DEAR ABBY: Last week I was in New York City for a conference. On my first evening in the hotel I noticed a large adjacent store had an entrance from the hotel lobby. As I walked quickly to the store entrance, I suddenly received a blow to my face that knocked me down, broke my glasses in half, cut my eyelid and made my nose bleed. I had walked full-stride into a plate-glass door! With bright lighting inside the door and soft lighting in the lobby, I had seen no reflection on the glass.
When I returned home this week and related my story, nearly everyone I spoke to had a similar story or knew someone who did. The incidence of injuries from this kind of accident must be staggering.
Since regulations vary from place to place, please urge your readers to place decals, logos or lettering at eye level on any plate-glass window or door that could possibly be mistaken for an opening. I have seen this done in attractive ways that promote a store's name or image. Had such a visual cue been in place, I would not have been injured. As a side note, my compulsive habit of always packing an old pair of glasses as a backup finally paid off. -- PANE-FUL EXPERIENCE, ATHENS, OHIO
DEAR PANE-FUL: I have heard about hapless individuals walking through plate-glass patio doors during swimming parties or summer barbecues, but this is the first time I've heard about its happening in a business establishment. Your suggestions are valid. I hope the management of the hotel in which the accident occurred will institute some safeguards to prevent it from happening again. It could prevent injuries, as well as protect the hotel from a lawsuit.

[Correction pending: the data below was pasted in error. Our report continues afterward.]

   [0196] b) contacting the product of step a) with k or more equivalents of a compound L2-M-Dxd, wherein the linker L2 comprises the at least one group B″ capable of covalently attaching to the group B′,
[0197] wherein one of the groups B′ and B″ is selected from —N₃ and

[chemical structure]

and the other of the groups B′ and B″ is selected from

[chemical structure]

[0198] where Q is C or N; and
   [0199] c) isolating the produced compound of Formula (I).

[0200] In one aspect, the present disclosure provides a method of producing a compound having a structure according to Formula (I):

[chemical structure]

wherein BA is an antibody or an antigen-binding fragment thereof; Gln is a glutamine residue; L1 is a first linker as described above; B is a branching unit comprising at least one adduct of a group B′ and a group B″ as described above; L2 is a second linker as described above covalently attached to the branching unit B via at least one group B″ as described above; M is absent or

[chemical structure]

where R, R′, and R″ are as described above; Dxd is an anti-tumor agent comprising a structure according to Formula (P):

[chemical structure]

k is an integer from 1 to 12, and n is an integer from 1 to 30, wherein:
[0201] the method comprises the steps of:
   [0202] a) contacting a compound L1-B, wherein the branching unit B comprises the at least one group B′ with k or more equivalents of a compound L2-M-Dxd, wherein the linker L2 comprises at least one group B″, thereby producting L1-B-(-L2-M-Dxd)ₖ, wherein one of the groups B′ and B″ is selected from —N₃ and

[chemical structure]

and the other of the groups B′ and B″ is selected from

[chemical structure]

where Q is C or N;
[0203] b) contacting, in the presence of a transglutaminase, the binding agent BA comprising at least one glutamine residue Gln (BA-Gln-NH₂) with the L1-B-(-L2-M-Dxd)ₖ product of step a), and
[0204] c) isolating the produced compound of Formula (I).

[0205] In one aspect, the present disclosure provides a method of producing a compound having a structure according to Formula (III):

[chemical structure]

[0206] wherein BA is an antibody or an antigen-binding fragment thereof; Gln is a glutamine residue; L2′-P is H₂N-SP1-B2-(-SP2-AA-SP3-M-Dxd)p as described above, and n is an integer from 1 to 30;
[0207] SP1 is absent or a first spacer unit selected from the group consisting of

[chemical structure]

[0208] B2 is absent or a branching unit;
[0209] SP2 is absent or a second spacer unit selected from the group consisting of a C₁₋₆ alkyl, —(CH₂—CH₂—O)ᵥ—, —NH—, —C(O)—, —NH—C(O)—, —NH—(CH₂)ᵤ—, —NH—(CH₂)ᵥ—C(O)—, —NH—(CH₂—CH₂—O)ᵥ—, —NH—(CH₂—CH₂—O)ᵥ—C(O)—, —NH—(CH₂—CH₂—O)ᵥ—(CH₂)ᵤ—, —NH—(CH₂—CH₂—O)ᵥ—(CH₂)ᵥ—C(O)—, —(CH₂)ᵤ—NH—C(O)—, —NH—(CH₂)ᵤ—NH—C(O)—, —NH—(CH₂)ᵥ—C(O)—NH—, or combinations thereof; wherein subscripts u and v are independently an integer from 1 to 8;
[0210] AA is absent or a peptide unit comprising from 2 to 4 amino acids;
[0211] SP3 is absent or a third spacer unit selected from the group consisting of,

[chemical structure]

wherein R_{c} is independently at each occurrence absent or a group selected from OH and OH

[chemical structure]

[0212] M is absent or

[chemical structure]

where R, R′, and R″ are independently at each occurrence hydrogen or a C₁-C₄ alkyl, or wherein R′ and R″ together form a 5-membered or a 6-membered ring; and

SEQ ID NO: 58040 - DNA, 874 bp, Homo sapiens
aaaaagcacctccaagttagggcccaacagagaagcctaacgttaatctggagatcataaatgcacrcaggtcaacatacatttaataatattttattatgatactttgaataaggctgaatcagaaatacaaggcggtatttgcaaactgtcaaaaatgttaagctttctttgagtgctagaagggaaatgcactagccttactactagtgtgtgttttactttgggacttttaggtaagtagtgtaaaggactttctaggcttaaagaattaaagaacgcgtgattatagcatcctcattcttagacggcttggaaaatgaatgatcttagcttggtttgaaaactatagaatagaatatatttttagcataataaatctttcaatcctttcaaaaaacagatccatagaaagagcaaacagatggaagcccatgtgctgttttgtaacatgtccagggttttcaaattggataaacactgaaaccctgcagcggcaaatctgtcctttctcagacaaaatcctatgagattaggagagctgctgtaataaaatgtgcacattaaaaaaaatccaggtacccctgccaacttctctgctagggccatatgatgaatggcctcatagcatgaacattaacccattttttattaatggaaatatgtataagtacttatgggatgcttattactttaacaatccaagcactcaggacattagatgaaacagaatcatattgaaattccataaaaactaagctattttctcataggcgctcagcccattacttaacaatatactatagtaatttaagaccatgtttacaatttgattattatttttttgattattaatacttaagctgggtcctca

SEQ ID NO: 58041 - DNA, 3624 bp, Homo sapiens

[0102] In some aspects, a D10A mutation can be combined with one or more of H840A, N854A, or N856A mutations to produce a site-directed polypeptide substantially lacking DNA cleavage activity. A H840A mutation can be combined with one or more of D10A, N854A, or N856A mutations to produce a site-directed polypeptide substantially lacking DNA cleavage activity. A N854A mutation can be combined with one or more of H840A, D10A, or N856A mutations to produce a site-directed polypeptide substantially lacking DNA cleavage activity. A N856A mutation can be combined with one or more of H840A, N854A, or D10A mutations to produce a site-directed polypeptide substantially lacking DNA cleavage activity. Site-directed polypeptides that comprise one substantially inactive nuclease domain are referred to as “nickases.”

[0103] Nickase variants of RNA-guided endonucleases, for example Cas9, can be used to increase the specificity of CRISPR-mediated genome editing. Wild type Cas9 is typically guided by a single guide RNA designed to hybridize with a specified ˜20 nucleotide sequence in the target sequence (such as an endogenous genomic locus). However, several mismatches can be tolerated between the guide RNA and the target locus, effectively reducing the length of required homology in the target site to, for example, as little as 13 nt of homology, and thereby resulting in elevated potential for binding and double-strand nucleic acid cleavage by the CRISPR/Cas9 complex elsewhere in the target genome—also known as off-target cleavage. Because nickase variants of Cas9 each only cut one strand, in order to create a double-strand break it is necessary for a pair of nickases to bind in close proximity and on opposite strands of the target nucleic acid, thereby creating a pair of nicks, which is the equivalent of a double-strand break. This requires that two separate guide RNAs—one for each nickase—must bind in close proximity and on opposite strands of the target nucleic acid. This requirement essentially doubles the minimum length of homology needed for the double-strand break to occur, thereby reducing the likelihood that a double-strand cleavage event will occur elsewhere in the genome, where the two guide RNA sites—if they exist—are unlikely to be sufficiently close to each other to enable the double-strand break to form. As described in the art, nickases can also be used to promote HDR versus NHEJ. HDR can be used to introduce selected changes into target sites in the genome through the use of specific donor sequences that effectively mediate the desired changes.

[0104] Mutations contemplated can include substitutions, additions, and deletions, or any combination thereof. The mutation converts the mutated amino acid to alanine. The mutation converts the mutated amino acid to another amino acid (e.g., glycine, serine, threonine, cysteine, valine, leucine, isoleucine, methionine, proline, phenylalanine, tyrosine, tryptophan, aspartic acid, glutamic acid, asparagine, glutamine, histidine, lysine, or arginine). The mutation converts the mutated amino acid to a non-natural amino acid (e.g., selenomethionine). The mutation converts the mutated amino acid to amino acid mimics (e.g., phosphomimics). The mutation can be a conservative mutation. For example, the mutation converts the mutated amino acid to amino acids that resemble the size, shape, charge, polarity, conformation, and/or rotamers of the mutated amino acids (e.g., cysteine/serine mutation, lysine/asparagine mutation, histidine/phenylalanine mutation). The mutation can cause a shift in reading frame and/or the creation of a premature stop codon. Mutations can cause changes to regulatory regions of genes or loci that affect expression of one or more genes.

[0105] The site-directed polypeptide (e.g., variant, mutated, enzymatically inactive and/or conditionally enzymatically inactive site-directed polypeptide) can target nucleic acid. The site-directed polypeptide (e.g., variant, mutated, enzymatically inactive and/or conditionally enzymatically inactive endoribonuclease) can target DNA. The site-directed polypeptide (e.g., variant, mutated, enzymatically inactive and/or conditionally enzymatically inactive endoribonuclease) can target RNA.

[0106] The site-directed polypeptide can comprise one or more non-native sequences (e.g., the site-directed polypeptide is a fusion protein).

DEAR ABBY: Please send a wake-up call to starry-eyed women who marry for "love" and never look past their beating hearts. As cold and unromantic as it may sound, financial security should also be a consideration when making a lifelong commitment. The moment your Prince Charming adds your name to his credit cards, bank accounts or other legal documents, he can begin weaving a web that connects you tighter than any marriage contract.
Abby, there is so much more to choosing a partner than just physical attraction or "love." Lust withers, and what's left behind needs to be a secure, capable partner -- not a wimpy financial disaster. -- BEEN THERE
DEAR BEEN THERE: Many people marry for love and have strong and lasting marriages, so I'm hesitant to cast aspersions on all love matches. However, if someone marries a financially irresponsible partner, one's first thought should be damage control. The marriage might be salvageable if the responsible partner is willing to set limits on the other's imprudent spending. It could mean closing joint accounts, putting the money in the name of the responsible spouse and canceling joint credit cards. If the marriage is really a love match, there should be no difficulty in getting the necessary signatures to remedy the problem. If the problems persist, however, and there's a refusal to cooperate, the problem may be less about finances than who's in control.
Good advice for everyone -- teens to seniors -- is in "The Anger in All of Us and How to Deal With It." To order, send a business-sized, self-addressed envelope, plus check or money order for $3.95 ($4.50 in Canada) to: Dear Abby, Anger Booklet, P.O. Box 447, Mount Morris, Ill. 61054-0447. (Postage is included.)
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